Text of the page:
7 Native Florida Plants To Plant in Your Tallahassee Yard

By Cristi McKee | Photo: Andreas

This spring, instead of opting to plant exotic or invasive plants, consider planting flowers, shrubs, and trees that are native to Florida—some of which you may already have in your yard! Planting these native plants help support local ecosystems, create habitats for natural life, and ensures that the bugs, birds, insects, and more in Tallahassee will keep coming back to your yard.   

Sparkleberry — Sparkleberry, or vaccinium arboreum, is typically recognizable because of its small, white, bell-shaped flowers and inedible black berries. A small tree or shrub, sparkleberries cause few to no allergies and emit a pleasant fragrance when in bloom.

Sparkleberry | Photo: Sabrina Setaro

Purple coneflower — Known by its botanical name, Echinacea purpurea, this purple and pink flower is part of the sunflower family, appears daisy-like, and blooms in spring and summer. They attract butterflies and stand against wind and rain. 

Purple coneflower | Photo: Jeffrey Hamilton

Florida flame azalea — Also known by Rhododendrum austrinum or orange azalea, Florida flame azaleas are typically mass-planted and make a wonderful sight of yellow and orange blooms. A shrub, they attract hummingbirds and do not tend to be affected by pests.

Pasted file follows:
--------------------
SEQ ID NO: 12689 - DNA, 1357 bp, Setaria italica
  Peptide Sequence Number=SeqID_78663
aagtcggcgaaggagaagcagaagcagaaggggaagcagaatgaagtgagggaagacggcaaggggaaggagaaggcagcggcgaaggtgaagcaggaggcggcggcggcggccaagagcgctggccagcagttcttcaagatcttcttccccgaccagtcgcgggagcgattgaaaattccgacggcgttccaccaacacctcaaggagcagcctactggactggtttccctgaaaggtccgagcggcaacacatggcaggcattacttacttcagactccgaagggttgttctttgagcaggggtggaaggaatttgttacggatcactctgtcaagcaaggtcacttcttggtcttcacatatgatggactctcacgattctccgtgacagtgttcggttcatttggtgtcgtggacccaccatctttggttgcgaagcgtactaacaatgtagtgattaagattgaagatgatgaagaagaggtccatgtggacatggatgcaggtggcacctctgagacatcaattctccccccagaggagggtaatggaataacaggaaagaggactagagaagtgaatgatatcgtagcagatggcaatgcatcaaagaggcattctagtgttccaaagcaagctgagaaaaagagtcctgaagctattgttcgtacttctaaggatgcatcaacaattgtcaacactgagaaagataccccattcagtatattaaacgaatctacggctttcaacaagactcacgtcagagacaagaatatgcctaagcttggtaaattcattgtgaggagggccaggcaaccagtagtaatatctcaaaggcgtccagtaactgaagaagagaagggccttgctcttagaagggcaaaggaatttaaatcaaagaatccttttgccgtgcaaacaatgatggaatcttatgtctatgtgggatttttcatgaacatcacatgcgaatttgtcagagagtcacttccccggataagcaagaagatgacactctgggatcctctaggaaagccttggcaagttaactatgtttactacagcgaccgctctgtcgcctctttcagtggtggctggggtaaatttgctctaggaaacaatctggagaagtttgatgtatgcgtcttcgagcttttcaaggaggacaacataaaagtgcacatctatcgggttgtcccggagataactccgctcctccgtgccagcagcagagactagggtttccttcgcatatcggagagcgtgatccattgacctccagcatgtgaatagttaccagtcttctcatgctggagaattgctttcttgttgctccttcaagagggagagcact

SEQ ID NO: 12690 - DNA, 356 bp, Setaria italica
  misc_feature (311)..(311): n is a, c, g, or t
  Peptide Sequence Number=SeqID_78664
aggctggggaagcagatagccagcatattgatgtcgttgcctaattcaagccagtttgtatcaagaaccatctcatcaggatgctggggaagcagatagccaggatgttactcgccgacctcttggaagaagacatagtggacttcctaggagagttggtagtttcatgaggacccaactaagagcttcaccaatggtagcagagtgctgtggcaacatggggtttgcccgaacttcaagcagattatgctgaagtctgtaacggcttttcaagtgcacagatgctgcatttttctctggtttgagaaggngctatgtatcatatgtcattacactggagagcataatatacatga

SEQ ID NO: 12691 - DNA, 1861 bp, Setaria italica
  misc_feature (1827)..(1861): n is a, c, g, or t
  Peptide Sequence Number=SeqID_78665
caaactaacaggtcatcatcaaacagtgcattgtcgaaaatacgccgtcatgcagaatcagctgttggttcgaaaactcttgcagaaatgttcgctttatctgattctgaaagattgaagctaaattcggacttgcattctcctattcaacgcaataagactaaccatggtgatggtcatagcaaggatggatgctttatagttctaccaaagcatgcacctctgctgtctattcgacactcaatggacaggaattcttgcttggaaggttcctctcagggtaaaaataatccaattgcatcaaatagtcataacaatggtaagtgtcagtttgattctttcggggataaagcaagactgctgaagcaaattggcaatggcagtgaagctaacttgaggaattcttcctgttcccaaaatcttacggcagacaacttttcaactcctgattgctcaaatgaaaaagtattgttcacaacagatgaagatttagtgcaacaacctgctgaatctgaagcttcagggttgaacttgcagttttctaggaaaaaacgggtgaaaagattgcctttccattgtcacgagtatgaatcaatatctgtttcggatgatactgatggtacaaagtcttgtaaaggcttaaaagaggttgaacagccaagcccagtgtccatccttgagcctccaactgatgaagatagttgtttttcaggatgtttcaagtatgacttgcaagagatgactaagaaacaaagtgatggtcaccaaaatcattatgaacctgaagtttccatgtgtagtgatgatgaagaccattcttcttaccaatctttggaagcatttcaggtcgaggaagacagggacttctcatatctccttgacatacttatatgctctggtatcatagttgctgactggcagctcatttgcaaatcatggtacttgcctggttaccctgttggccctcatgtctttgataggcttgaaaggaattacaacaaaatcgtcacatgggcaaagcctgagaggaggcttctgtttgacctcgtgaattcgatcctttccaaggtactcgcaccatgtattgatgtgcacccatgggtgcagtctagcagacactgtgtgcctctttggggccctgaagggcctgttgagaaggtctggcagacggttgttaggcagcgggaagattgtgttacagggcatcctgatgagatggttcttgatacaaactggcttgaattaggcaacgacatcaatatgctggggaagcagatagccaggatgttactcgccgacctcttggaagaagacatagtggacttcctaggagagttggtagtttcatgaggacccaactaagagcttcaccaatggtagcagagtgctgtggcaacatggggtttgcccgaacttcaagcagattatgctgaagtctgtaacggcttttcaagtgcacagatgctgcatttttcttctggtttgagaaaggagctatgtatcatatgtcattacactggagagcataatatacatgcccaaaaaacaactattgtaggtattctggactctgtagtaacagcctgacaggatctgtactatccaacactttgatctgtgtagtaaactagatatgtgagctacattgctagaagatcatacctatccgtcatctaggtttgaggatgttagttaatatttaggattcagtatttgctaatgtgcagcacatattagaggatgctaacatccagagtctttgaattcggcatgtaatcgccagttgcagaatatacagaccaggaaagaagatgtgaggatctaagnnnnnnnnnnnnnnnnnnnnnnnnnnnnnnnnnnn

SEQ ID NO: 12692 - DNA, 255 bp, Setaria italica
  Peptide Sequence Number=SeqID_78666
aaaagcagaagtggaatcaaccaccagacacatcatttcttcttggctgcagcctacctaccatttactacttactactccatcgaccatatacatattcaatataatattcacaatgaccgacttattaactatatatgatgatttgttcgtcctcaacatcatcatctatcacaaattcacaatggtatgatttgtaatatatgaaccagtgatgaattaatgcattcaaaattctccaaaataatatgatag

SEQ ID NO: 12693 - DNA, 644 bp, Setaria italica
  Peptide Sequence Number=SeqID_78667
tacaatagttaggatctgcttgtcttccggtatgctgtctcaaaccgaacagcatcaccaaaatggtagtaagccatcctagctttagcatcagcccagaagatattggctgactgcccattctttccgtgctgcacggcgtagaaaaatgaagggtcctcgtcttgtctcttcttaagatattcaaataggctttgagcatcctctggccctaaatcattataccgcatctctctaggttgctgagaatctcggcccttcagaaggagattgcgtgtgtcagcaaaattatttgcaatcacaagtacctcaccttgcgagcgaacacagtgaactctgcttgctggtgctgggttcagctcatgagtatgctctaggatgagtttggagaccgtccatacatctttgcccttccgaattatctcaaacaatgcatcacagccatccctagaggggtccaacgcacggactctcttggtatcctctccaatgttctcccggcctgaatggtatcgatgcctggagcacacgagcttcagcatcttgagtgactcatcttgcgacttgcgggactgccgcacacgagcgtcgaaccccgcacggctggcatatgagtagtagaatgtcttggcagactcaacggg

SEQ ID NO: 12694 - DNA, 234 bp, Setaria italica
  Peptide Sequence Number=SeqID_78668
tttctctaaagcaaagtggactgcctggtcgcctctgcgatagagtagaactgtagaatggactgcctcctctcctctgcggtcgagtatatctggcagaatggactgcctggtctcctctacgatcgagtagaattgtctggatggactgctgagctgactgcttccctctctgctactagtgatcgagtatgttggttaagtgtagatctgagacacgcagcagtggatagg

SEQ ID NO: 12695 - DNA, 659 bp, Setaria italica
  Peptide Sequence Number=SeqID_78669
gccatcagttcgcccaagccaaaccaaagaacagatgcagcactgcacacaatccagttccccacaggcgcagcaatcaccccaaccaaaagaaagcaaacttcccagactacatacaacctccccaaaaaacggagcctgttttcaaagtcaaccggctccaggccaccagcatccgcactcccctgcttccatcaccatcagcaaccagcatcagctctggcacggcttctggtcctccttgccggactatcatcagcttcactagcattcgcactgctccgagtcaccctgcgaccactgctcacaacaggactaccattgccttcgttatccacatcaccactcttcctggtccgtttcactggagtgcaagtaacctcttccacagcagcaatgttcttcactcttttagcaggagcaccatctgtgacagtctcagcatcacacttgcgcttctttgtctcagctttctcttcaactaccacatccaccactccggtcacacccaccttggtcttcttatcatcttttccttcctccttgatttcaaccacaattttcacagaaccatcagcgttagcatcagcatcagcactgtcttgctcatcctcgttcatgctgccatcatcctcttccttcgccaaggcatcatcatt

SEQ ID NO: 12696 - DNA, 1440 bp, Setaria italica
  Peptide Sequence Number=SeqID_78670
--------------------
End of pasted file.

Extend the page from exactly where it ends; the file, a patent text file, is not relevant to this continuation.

Florida flame azalea | Photo: Kristine Tanne

Wild passion flower — Wild passion flowers, maypop, or Passiflora spp, are perennial vines that flower in pink-purple shades, which only live for a day. They also create edible (though reportedly not tasty) fruit, and attract both hummingbirds and butterflies. 

Wild passion flower | Photo: Francisco Villena

Coontie — Visually similar to a palm or ferns, the Zamia integrifolia is an ideal substitute for Boston ferns. A cyad, they are typically planted to form a clumping effect, are suitable for indoor planting, and attract butterflies.

Coontie | Photo: Oxley Nursery

Firebush — Firebushes, or Hamelia patens, produce tubular red-orange flowers throughout most of the year and grow fairly quickly. Attracting hummingbirds and butterflies, these shrubs are typically planted in mass. 

Firebush | Photo: Katja Schulz

You can find an entire list of native Florida plants by visiting the University of Florida IFAS Extension website, here.

2 thoughts on “7 Native Florida Plants To Plant in Your Tallahassee Yard

  1. Hi ,It’s a pity you don’t have a donate button! I’d most certainly donate to this outstanding blog! I guess for now i’ll settle for bookmarking and adding your RSS feed to my Google account. I look forward to new updates and will talk about this website with my Facebook group. Talk soon! many thanks


  2. Yeah well I bought a five gallon fire bush last year, it did real well, then the cold killed it to the ground! They are not cold hardy and unless you want to build a cold frame big enough or cover every event under say 40 degrees, you are wasting your money


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